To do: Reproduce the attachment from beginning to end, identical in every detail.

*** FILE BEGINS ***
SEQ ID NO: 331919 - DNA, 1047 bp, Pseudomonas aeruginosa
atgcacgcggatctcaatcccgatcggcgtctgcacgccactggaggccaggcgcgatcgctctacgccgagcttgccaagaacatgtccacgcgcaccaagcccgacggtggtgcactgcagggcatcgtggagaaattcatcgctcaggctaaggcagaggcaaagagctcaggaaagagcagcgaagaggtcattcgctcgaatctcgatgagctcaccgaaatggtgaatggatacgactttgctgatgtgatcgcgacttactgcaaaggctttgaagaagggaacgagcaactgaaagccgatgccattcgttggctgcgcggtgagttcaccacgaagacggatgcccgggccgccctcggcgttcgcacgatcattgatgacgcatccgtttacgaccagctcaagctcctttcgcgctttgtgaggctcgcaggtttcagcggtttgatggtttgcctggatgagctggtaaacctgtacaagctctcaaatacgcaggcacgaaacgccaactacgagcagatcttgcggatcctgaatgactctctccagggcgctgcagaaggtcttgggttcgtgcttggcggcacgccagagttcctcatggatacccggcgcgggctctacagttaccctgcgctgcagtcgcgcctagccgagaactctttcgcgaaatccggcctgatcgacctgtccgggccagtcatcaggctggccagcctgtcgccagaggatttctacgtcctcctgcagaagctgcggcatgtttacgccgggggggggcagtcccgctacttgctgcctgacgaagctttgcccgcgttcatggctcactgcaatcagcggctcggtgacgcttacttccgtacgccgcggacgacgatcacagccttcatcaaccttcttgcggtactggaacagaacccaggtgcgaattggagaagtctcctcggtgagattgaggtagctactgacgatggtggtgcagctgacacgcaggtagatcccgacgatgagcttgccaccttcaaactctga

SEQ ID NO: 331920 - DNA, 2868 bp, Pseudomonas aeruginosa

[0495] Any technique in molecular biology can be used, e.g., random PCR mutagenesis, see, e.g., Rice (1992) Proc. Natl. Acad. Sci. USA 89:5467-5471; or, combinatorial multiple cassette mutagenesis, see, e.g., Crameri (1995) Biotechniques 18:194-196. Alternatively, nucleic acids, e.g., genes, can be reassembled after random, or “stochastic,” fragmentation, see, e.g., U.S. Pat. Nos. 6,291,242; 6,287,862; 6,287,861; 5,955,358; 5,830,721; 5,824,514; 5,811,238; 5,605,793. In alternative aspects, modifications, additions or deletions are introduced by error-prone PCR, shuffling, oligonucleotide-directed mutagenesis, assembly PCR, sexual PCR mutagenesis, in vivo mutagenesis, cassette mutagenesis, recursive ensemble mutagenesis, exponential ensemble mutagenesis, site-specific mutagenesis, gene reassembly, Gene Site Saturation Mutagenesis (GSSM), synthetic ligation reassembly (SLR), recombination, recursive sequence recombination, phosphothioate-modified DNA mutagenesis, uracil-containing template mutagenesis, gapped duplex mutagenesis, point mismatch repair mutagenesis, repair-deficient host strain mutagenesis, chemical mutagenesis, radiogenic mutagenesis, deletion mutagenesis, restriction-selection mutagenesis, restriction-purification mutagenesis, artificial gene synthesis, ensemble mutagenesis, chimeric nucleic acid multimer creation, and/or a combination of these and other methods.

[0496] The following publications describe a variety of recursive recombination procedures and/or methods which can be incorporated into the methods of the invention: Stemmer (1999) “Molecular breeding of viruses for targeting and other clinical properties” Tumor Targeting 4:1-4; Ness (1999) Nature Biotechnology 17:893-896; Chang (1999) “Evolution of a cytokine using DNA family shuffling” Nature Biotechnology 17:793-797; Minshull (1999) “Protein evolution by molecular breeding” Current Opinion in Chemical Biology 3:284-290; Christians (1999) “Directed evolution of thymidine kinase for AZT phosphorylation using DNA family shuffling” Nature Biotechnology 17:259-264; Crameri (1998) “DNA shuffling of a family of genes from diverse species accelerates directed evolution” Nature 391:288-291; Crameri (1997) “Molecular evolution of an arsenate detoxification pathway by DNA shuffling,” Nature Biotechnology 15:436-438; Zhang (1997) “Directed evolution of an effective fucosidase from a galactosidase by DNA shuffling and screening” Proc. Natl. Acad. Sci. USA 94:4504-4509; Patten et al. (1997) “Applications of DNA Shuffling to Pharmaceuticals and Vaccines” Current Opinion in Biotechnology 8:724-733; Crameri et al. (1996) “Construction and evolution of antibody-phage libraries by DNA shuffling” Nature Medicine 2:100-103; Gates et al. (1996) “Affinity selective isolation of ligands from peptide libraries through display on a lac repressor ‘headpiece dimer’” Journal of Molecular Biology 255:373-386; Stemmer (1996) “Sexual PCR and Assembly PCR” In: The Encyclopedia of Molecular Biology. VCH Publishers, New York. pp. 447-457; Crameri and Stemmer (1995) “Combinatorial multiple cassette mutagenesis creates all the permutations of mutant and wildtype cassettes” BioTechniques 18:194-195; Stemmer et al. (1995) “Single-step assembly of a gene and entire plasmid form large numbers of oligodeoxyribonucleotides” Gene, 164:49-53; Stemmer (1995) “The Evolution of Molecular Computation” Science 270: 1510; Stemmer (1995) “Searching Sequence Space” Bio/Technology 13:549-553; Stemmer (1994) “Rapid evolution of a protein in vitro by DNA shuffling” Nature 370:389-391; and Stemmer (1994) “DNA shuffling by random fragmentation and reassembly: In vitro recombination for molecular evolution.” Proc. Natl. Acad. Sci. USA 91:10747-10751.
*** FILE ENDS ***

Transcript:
SEQ ID NO: 331919 - DNA, 1047 bp, Pseudomonas aeruginosa
atgcacgcggatctcaatcccgatcggcgtctgcacgccactggaggccaggcgcgatcgctctacgccgagcttgccaagaacatgtccacgcgcaccaagcccgacggtggtgcactgcagggcatcgtggagaaattcatcgctcaggctaaggcagaggcaaagagctcaggaaagagcagcgaagaggtcattcgctcgaatctcgatgagctcaccgaaatggtgaatggatacgactttgctgatgtgatcgcgacttactgcaaaggctttgaagaagggaacgagcaactgaaagccgatgccattcgttggctgcgcggtgagttcaccacgaagacggatgcccgggccgccctcggcgttcgcacgatcattgatgacgcatccgtttacgaccagctcaagctcctttcgcgctttgtgaggctcgcaggtttcagcggtttgatggtttgcctggatgagctggtaaacctgtacaagctctcaaatacgcaggcacgaaacgccaactacgagcagatcttgcggatcctgaatgactctctccagggcgctgcagaaggtcttgggttcgtgcttggcggcacgccagagttcctcatggatacccggcgcgggctctacagttaccctgcgctgcagtcgcgcctagccgagaactctttcgcgaaatccggcctgatcgacctgtccgggccagtcatcaggctggccagcctgtcgccagaggatttctacgtcctcctgcagaagctgcggcatgtttacgccgggggggggcagtcccgctacttgctgcctgacgaagctttgcccgcgttcatggctcactgcaatcagcggctcggtgacgcttacttccgtacgccgcggacgacgatcacagccttcatcaaccttcttgcggtactggaacagaacccaggtgcgaattggagaagtctcctcggtgagattgaggtagctactgacgatggtggtgcagctgacacgcaggtagatcccgacgatgagcttgccaccttcaaactctga

SEQ ID NO: 331920 - DNA, 2868 bp, Pseudomonas aeruginosa

[0495] Any technique in molecular biology can be used, e.g., random PCR mutagenesis, see, e.g., Rice (1992) Proc. Natl. Acad. Sci. USA 89:5467-5471; or, combinatorial multiple cassette mutagenesis, see, e.g., Crameri (1995) Biotechniques 18:194-196. Alternatively, nucleic acids, e.g., genes, can be reassembled after random, or “stochastic,” fragmentation, see, e.g., U.S. Pat. Nos. 6,291,242; 6,287,862; 6,287,861; 5,955,358; 5,830,721; 5,824,514; 5,811,238; 5,605,793. In alternative aspects, modifications, additions or deletions are introduced by error-prone PCR, shuffling, oligonucleotide-directed mutagenesis, assembly PCR, sexual PCR mutagenesis, in vivo mutagenesis, cassette mutagenesis, recursive ensemble mutagenesis, exponential ensemble mutagenesis, site-specific mutagenesis, gene reassembly, Gene Site Saturation Mutagenesis (GSSM), synthetic ligation reassembly (SLR), recombination, recursive sequence recombination, phosphothioate-modified DNA mutagenesis, uracil-containing template mutagenesis, gapped duplex mutagenesis, point mismatch repair mutagenesis, repair-deficient host strain mutagenesis, chemical mutagenesis, radiogenic mutagenesis, deletion mutagenesis, restriction-selection mutagenesis, restriction-purification mutagenesis, artificial gene synthesis, ensemble mutagenesis, chimeric nucleic acid multimer creation, and/or a combination of these and other methods.

[0496] The following publications describe a variety of recursive recombination procedures and/or methods which can be incorporated into the methods of the invention: Stemmer (1999) “Molecular breeding of viruses for targeting and other clinical properties” Tumor Targeting 4:1-4; Ness (1999) Nature Biotechnology 17:893-896; Chang (1999) “Evolution of a cytokine using DNA family shuffling” Nature Biotechnology 17:793-797; Minshull (1999) “Protein evolution by molecular breeding” Current Opinion in Chemical Biology 3:284-290; Christians (1999) “Directed evolution of thymidine kinase for AZT phosphorylation using DNA family shuffling” Nature Biotechnology 17:259-264; Crameri (1998) “DNA shuffling of a family of genes from diverse species accelerates directed evolution” Nature 391:288-291; Crameri (1997) “Molecular evolution of an arsenate detoxification pathway by DNA shuffling,” Nature Biotechnology 15:436-438; Zhang (1997) “Directed evolution of an effective fucosidase from a galactosidase by DNA shuffling and screening” Proc. Natl. Acad. Sci. USA 94:4504-4509; Patten et al. (1997) “Applications of DNA Shuffling to Pharmaceuticals and Vaccines” Current Opinion in Biotechnology 8:724-733; Crameri et al. (1996) “Construction and evolution of antibody-phage libraries by DNA shuffling” Nature Medicine 2:100-103; Gates et al. (1996) “Affinity selective isolation of ligands from peptide libraries through display on a lac repressor ‘headpiece dimer’” Journal of Molecular Biology 255:373-386; Stemmer (1996) “Sexual PCR and Assembly PCR” In: The Encyclopedia of Molecular Biology. VCH Publishers, New York. pp. 447-457; Crameri and Stemmer (1995) “Combinatorial multiple cassette mutagenesis creates all the permutations of mutant and wildtype cassettes” BioTechniques 18:194-195; Stemmer et al. (1995) “Single-step assembly of a gene and entire plasmid form large numbers of oligodeoxyribonucleotides” Gene, 164:49-53; Stemmer (1995) “The Evolution of Molecular Computation” Science 270: 1510; Stemmer (1995) “Searching Sequence Space” Bio/Technology 13:549-553; Stemmer (1994) “Rapid evolution of a protein in vitro by DNA shuffling” Nature 370:389-391; and Stemmer (1994) “DNA shuffling by random fragmentation and reassembly: In vitro recombination for molecular evolution.” Proc. Natl. Acad. Sci. USA 91:10747-10751.